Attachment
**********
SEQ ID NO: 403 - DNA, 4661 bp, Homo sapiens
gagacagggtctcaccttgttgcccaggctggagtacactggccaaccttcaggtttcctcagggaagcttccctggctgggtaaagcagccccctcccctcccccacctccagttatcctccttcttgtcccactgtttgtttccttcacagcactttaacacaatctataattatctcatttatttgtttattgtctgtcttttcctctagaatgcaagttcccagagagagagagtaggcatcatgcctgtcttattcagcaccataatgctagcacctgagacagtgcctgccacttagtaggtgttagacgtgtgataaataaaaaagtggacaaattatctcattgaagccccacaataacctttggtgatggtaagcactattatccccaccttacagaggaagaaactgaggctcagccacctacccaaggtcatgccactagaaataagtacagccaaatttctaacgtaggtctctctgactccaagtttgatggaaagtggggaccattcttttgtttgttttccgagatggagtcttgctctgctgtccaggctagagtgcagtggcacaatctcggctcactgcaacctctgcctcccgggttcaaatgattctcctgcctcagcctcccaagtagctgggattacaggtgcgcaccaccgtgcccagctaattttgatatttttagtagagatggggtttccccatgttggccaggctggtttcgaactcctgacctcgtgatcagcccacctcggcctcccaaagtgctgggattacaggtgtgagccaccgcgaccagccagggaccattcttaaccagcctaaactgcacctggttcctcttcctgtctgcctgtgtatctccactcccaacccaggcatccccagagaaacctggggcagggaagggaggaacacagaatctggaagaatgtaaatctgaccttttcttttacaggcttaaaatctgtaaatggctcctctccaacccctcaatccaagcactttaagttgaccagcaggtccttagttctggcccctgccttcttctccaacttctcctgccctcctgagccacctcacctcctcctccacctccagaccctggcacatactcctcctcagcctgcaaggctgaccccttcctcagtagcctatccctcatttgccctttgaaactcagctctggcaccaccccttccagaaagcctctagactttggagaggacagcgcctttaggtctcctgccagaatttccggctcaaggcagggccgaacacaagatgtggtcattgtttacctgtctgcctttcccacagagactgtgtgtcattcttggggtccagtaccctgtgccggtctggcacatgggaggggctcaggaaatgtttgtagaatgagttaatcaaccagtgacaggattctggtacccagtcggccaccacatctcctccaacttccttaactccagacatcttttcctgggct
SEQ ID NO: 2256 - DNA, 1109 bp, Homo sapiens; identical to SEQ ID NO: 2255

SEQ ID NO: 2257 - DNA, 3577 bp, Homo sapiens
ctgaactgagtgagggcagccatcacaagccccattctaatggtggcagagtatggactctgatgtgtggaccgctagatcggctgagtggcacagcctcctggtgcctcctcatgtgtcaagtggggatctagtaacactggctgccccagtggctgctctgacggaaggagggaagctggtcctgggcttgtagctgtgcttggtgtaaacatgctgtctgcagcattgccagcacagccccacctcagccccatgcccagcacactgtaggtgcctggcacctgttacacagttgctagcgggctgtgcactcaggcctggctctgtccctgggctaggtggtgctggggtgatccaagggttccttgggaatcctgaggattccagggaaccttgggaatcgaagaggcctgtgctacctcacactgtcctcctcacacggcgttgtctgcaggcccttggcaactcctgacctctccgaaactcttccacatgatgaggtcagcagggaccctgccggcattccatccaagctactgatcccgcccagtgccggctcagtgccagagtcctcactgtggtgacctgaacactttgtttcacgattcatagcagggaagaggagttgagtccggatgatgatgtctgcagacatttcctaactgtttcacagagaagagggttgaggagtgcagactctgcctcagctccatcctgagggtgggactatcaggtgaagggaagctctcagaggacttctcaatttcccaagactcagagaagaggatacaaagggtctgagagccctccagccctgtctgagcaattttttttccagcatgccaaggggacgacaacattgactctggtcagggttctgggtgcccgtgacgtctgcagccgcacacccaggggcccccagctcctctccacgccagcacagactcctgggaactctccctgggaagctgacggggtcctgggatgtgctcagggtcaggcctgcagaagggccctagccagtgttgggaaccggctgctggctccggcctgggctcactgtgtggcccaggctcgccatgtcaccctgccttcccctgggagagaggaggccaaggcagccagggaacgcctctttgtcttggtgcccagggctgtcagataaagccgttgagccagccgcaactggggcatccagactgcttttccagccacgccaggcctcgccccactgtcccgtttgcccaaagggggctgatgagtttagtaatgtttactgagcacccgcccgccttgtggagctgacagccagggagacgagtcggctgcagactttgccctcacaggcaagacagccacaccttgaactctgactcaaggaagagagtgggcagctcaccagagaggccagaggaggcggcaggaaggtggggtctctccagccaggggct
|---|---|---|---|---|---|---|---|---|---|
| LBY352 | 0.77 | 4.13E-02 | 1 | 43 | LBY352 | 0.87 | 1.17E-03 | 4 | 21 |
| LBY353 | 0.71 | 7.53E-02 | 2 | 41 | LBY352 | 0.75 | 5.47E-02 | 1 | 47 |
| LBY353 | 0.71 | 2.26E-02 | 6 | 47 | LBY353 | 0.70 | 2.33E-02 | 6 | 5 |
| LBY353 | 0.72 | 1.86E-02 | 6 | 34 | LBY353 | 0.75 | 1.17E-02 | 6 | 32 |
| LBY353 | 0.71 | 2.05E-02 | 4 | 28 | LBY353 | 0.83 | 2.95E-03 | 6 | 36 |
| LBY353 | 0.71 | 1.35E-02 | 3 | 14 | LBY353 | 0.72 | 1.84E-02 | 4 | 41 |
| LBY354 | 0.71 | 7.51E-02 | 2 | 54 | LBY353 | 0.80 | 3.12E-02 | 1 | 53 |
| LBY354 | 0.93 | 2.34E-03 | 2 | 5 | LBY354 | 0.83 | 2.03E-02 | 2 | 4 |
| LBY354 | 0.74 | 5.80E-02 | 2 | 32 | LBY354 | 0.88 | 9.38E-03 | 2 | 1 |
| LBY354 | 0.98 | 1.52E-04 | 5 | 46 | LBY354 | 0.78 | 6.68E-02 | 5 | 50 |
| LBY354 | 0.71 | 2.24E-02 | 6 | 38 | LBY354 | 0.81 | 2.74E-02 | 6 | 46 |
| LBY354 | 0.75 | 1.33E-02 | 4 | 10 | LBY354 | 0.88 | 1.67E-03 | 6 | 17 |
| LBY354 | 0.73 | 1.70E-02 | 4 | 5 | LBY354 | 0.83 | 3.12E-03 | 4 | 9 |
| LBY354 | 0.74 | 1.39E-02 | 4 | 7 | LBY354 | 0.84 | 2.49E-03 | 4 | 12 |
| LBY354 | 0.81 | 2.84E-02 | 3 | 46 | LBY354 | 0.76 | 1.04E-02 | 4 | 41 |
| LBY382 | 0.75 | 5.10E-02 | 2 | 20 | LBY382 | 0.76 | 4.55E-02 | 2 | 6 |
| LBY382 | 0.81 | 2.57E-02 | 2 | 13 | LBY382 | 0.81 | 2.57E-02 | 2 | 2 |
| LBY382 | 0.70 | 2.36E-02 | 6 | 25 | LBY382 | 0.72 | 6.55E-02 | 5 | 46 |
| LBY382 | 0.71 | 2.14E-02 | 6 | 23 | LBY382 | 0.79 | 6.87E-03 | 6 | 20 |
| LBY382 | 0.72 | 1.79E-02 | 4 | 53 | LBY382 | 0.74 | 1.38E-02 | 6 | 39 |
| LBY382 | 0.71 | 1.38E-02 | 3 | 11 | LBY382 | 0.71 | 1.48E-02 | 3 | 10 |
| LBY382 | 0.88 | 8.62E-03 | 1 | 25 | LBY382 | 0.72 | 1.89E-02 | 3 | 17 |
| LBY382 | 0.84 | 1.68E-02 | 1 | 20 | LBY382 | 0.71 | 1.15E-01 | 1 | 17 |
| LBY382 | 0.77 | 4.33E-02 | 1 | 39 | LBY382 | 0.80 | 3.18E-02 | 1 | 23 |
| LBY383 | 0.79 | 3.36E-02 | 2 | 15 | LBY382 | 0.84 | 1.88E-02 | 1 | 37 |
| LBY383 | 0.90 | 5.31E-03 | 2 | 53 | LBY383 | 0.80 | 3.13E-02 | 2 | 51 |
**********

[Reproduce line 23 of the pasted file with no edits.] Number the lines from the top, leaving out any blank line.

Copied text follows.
| LBY382 | 0.81 | 2.57E-02 | 2 | 13 | LBY382 | 0.81 | 2.57E-02 | 2 | 2 |